Commissioners could lower property tax rate 12 cents
Commissioners consider $56M proposed 2023-2024 county budget
Property tax rate set to decrease 12 cents following revaluation
The Alexander County Board of Commissioners discussed the proposed fiscal year 2023-2024 budget at the May 15 meeting, according to a county press release. The proposed budget includes a 12-cent property tax decrease, which would lower the tax rate to 67 cents per $100 valuation, if approved. A public hearing to discuss the proposed budget is scheduled for June 5, with the adoption of the budget set for June 19.
“This budget has been developed with a focus on achieving the goals, objectives, and strategic vision of the Board of County Commissioners while maintaining an exceptional level of service provision to our citizens,” said Marty Pennell, Commission Chairman and Interim County Manager. “With inflation affecting the cost of nearly all commodities, the proposed tax rate reflects a reasonable compromise which will help to offset the impact of the recently completed property revaluation, while still allowing the county to maintain the current level of service provided to our citizens and continue along a path to be fiscally responsible in planning for future needs.”
The proposed General Fund budget totals $56,841,859 and includes $4,000,270 of appropriated fund balance. The proposed budget includes no tax increases in the fire districts and no fee increases for building inspections or fire inspections. Although fire tax rates will remain unchanged, all fire districts will receive additional funding for 2023-2024 as a result of the property revaluation.
“The additional funding that will be received by the fire departments will help offset rising costs of operation faced by each department and ensure they are able to provide vital fire protection and life safety services to the citizens of Alexander County,” Pennell said.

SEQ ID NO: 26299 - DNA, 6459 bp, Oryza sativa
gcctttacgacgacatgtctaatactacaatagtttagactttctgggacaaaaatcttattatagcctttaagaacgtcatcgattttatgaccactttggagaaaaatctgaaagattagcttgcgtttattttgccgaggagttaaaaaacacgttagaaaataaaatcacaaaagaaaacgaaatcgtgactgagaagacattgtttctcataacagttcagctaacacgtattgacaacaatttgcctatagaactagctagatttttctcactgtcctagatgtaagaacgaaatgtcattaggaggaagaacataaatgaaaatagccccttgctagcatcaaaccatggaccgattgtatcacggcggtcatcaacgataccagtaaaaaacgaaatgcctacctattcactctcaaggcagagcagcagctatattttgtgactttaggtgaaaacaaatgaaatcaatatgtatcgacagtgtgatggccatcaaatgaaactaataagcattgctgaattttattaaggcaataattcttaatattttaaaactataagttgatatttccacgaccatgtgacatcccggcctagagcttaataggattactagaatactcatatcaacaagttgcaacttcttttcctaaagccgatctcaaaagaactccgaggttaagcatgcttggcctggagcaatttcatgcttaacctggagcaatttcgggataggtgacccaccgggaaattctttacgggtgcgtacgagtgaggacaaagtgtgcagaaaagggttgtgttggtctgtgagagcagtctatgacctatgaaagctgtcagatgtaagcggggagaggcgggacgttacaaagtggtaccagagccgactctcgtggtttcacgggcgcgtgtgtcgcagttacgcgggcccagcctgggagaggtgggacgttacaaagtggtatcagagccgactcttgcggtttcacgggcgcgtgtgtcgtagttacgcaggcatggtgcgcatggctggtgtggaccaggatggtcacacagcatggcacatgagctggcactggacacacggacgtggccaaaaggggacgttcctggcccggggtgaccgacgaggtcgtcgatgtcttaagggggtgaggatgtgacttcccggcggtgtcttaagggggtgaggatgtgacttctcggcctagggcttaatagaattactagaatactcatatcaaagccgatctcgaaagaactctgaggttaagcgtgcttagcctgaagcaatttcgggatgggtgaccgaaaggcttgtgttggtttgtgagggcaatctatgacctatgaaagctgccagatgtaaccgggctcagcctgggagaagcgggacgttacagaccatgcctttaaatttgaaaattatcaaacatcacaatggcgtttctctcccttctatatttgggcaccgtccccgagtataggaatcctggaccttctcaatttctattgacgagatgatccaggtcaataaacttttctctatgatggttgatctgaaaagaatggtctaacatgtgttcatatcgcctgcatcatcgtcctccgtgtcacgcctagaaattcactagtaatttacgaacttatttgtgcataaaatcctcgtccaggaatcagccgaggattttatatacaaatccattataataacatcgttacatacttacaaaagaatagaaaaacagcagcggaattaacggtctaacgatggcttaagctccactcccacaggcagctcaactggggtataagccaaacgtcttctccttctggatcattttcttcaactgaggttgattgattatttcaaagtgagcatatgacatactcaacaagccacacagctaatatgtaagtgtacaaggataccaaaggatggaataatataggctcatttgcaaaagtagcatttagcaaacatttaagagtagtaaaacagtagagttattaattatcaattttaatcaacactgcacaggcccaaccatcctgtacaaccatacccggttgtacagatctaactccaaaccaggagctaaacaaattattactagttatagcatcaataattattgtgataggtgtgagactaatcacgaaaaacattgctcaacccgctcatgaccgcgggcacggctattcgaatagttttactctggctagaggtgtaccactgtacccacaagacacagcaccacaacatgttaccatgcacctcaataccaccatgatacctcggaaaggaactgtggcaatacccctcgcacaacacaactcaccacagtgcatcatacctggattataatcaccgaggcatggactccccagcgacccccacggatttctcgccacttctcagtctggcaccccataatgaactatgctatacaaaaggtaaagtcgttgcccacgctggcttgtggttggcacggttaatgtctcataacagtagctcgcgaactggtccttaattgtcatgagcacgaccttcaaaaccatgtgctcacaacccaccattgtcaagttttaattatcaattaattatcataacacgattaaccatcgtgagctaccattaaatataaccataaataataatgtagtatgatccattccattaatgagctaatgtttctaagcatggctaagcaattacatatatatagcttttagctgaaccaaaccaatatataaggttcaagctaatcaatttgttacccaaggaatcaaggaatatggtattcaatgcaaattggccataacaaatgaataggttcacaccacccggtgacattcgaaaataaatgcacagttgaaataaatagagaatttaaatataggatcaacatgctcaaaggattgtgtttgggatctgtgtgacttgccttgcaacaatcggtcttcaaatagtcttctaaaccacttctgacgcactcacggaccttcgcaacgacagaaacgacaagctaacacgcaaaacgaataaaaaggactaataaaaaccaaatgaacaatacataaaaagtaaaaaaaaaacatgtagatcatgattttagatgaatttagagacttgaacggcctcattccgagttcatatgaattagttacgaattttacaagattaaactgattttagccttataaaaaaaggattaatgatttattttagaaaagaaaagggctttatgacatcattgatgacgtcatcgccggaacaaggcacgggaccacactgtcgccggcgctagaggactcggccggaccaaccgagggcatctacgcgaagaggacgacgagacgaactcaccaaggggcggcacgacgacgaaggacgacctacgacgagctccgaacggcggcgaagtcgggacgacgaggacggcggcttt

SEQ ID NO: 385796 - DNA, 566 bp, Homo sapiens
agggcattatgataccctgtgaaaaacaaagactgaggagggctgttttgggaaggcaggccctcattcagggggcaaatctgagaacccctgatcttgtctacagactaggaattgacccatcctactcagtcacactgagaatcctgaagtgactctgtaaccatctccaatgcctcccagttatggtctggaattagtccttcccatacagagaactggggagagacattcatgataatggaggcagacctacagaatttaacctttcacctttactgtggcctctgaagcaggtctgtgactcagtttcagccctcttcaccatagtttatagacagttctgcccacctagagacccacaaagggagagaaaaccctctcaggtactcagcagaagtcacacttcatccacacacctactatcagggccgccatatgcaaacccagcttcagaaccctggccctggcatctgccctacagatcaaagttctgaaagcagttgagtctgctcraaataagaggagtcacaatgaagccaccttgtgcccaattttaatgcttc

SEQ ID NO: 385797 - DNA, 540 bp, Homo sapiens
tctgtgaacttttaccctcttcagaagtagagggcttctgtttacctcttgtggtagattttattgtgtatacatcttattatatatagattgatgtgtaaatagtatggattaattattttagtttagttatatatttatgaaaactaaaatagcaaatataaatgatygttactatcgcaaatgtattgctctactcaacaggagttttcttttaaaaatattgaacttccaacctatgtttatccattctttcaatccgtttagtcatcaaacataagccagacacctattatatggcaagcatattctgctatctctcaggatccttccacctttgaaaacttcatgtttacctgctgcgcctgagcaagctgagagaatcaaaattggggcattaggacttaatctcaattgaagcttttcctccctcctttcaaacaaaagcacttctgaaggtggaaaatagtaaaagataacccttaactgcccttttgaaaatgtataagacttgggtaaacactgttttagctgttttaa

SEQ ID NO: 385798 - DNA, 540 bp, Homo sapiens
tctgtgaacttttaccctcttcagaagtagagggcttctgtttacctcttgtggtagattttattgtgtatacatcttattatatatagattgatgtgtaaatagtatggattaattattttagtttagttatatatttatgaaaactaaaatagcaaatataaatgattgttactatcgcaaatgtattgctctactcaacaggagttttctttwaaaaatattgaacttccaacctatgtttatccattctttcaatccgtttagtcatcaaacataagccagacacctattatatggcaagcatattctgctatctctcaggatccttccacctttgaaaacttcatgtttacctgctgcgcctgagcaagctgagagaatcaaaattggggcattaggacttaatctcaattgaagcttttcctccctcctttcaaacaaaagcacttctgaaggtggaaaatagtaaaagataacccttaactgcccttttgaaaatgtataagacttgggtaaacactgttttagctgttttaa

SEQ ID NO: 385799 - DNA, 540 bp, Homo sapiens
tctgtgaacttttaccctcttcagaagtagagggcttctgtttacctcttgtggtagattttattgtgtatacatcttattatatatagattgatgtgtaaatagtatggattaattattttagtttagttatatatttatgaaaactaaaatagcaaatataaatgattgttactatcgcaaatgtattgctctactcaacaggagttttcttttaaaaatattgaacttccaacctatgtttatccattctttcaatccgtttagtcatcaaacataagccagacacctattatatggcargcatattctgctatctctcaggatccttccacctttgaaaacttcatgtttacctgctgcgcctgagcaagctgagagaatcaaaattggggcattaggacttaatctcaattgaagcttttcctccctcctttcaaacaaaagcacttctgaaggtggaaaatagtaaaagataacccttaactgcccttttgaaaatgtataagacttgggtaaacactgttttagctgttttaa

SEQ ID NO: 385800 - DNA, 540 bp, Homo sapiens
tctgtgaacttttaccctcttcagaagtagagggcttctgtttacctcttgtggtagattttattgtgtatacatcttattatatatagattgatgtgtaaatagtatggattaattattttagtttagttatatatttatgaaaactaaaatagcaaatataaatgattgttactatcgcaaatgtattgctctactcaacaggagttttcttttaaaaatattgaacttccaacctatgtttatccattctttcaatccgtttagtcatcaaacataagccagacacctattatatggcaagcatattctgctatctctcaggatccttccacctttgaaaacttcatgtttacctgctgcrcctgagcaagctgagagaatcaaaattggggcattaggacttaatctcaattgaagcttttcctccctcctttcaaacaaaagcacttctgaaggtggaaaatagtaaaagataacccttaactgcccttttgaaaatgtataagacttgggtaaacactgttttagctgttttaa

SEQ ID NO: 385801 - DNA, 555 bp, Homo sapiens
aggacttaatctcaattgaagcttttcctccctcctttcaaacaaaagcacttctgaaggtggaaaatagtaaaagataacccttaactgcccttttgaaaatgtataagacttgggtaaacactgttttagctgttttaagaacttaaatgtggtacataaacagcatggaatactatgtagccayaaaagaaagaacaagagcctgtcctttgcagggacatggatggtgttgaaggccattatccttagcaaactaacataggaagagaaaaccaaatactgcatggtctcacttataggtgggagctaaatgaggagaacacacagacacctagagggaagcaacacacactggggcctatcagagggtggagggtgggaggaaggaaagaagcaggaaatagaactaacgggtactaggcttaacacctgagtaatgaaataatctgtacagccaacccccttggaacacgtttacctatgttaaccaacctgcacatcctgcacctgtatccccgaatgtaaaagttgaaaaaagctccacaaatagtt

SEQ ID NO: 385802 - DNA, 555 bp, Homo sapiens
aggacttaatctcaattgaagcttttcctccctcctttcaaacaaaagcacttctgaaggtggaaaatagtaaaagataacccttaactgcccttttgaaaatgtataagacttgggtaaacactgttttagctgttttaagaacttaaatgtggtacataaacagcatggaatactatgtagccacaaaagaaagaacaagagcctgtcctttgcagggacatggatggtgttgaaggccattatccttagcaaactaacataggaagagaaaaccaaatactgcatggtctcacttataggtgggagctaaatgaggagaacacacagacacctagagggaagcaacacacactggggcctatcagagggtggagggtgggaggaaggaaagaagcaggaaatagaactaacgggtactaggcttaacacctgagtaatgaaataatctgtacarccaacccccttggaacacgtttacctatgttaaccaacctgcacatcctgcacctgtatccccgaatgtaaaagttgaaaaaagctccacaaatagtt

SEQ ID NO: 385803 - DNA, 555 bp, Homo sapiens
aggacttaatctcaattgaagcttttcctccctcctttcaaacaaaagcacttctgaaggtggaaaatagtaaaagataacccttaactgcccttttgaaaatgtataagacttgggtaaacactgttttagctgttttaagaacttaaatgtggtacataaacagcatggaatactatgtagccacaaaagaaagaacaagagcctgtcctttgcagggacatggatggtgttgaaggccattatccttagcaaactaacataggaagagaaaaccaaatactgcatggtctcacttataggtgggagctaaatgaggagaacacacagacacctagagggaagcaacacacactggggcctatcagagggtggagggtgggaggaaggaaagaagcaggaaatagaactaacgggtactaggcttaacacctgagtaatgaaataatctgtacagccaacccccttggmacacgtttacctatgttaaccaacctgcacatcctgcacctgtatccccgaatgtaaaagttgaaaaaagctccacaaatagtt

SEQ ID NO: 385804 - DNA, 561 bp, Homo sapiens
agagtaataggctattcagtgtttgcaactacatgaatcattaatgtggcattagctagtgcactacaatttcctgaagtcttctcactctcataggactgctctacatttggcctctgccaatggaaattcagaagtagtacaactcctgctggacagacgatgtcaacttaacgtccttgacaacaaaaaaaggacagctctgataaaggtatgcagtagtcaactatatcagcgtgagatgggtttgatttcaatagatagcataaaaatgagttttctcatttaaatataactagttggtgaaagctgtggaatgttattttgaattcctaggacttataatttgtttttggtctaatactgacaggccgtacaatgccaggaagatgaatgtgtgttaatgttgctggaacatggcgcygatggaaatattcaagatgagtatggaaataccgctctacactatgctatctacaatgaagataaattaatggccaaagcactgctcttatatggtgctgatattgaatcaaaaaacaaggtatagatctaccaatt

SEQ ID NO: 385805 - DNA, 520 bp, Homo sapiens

The City of Hickory is proposing a 10 percent increase in water and sewer rates, pending approval of the Hickory City Council.
County departments requested $2,645,536 in capital outlay expenditures; however, the proposed budget only includes $1,745,224 of those requests. Capital outlay items in the proposed budget include funding for a new fire training center – $101,458, sheriff’s office vehicle replacements – $290,000, county vehicle fleet replacements – $264,678, HVAC updates for courthouse – $75,000, county building maintenance and repairs – $110,000, information technology network security enhancements and equipment replacement – $132,500, new ambulance – $263,000, and EMS quick response vehicle – $56,500.
Several new positions were requested by various departments for the upcoming budget year, but most will be delayed until Shane Fox, the new county manager, begins duties at which time he can make recommendations to the board.
Alexander County has a number of major projects that will begin or continue in the 2023-2024 budget year, including water and sewer infrastructure improvements, a broadband internet expansion partnership, economic development initiatives, public park improvements, and more.
During the current budget year, Alexander County partnered with Alexander County Schools to help hire school resource officers at all six elementary schools in the county. These positions are partially funded through a grant obtained by the school system; however, the county will be responsible for salaries, benefits, and equipment once grant funds have expired.
Alexander County Schools requested $9,211,130 for the 2023-2024 school year, which is an increase of $1,893,702 over the prior year’s request. The proposed county budget appropriates $7,383,428 for fiscal year 2023-2024. The budget also includes $332,717 from the School Capital Improvement Fund to cover the local match for improvements at Sugar Loaf and Bethlehem elementary schools.